“They didn’t know we’re trying to make a successful return of the kings,” he said.
As of August 6, three females and 10 males were in the holding cages.
Prior to the vandalism, Kilburn said the cages were almost to the point where they couldn’t hold any more salmon and he was about to stop collecting.
Kilburn is an elementary teacher at Skagway School where he includes the fertilization process and the hatchery as an educational tool in his curriculum.
The curriculum was run at the high school level last year but there wasn’t enough interest in and it was brought to the sixth grade level, he said.
Students help with the hatchery during the school year and help during the summer if they’re around, he said. After the fish are collected in the holding pens, they are killed and the eggs and milk are taken. The eggs are fertilized and go to the incubator house where they sit in the incubator trays and wait to hatch, he said.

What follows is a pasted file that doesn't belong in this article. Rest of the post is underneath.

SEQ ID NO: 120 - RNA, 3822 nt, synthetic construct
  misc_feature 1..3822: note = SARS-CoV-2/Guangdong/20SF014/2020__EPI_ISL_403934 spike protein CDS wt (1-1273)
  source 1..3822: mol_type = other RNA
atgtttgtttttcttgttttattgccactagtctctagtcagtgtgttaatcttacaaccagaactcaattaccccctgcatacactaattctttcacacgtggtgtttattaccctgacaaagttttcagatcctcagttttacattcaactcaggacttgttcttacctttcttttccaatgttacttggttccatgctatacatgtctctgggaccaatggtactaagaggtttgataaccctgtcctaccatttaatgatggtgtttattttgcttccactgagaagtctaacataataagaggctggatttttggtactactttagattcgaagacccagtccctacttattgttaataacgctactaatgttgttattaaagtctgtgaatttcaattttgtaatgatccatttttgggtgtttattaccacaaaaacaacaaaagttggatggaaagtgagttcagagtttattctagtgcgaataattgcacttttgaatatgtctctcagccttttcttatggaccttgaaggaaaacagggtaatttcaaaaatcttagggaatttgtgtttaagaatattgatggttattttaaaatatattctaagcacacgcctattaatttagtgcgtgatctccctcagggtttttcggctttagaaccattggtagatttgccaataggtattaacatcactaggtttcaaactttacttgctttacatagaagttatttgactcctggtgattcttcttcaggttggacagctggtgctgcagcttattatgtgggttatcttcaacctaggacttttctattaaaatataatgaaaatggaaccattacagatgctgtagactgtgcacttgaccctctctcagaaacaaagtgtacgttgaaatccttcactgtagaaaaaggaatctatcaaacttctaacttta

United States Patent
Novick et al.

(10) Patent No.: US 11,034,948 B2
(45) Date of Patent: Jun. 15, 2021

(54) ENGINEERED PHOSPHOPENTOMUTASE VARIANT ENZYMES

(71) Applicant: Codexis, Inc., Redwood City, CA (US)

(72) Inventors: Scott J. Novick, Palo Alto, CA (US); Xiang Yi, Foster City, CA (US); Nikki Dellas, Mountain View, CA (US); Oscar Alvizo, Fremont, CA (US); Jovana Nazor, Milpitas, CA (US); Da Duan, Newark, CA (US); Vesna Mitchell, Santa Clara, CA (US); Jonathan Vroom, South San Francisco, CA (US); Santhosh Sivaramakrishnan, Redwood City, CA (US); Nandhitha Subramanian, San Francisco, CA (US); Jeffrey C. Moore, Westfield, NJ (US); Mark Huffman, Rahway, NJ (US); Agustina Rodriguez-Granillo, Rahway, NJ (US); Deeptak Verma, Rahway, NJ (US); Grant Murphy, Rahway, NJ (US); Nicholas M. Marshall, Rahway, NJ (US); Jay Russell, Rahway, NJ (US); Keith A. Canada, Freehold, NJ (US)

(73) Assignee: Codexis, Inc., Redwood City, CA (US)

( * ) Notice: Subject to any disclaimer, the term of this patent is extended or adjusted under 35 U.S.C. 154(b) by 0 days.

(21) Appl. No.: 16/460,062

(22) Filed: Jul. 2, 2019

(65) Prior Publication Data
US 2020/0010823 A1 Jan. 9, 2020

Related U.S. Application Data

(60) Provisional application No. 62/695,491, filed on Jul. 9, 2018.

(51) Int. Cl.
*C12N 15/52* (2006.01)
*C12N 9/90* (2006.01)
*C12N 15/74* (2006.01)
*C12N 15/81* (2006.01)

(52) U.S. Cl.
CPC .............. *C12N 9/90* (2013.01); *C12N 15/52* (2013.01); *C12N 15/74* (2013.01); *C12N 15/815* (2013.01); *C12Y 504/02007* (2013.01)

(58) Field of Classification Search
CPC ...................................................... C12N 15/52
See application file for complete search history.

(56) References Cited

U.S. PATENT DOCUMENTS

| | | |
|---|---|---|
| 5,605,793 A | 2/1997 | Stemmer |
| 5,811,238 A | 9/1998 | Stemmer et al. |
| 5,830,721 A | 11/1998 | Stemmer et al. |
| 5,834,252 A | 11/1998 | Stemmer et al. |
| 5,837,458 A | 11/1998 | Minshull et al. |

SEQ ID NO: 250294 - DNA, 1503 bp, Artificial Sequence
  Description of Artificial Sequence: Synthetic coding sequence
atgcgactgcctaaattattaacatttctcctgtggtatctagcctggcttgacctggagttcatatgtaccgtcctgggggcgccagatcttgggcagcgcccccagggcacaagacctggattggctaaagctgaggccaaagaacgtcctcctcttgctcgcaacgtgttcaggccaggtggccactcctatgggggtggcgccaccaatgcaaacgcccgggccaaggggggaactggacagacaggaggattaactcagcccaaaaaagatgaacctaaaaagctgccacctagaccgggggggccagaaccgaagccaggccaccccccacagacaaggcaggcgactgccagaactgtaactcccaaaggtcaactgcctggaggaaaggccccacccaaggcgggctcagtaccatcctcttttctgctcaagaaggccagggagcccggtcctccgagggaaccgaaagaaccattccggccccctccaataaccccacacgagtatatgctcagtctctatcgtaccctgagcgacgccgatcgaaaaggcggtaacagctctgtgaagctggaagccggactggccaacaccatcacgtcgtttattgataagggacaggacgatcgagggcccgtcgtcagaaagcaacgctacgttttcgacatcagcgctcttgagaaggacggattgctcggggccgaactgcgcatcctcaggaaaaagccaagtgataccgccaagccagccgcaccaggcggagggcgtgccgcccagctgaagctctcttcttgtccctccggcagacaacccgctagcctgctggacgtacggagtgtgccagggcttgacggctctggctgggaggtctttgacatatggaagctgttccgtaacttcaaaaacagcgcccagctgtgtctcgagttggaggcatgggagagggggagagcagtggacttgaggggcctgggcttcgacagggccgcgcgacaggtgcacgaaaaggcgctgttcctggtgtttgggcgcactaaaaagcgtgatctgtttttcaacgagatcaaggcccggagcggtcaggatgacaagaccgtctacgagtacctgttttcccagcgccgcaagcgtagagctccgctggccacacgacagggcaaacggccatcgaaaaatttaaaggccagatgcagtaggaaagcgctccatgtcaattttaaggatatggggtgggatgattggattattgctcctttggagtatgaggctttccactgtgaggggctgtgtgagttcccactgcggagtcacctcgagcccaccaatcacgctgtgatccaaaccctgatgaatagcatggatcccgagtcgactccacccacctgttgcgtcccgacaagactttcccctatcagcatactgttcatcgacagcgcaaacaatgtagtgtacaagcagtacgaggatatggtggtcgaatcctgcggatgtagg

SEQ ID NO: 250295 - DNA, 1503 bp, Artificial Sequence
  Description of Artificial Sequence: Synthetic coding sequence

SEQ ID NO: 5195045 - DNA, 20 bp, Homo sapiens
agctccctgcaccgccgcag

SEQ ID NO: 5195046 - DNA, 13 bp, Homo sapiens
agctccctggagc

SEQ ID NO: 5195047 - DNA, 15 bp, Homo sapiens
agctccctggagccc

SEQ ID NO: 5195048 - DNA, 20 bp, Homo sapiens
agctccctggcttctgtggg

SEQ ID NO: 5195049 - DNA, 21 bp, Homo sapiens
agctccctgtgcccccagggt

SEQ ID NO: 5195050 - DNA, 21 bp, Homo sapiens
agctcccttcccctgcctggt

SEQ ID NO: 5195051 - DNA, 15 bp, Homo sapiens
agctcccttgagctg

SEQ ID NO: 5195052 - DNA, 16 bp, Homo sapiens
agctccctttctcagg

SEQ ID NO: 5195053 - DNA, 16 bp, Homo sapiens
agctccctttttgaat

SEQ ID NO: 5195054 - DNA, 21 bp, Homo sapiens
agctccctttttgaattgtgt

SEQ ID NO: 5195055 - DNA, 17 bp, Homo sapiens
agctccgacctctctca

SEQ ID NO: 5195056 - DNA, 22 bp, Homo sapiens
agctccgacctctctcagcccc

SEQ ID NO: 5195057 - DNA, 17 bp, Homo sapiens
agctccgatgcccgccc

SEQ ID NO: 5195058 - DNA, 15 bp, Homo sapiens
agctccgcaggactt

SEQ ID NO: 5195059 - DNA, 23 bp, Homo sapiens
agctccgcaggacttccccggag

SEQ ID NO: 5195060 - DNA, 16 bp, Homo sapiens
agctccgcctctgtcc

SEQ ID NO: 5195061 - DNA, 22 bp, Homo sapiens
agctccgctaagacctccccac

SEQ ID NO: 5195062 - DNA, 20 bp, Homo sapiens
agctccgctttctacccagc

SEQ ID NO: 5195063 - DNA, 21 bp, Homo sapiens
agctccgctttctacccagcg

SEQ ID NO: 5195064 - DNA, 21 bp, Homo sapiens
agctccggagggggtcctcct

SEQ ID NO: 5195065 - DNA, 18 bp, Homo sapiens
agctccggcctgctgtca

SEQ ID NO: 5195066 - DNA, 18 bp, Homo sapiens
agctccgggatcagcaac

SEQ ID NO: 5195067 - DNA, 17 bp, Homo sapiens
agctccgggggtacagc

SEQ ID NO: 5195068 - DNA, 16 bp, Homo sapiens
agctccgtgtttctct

Reward for convictions in vandalism
During the weekend of Aug. 3, unknown individuals broke the access hatch off the top of one of the city’s water tanks. It is unknown what the intent of this action might have been.
The water that was in the tank at the time of event has already circulated through the system. Nonetheless, the city will be running tests on a sample of water taken from the tank on Aug. 5. Results were to be made available Thursday. At this time there is no reason to suspect the introduction of toxins into the water supply, and no protective measures at the tap are suggested, said City Manager Bob Ward in a press release.
Additionally, the weir and holding pens in Pullen Pond for the capture of breeding stock for the school hatchery and the city’s cooperative agreement with the state, DIPAC and Burro Creek have been damaged on two occasions. In one instance, the salmon were released.
In an effort to apprehend those responsible for these incidents, the City of Skagway is offering a $500 reward for information leading to the arrest and conviction of the individuals involved. Anyone having such information should contact Skagway Police at 983-2232.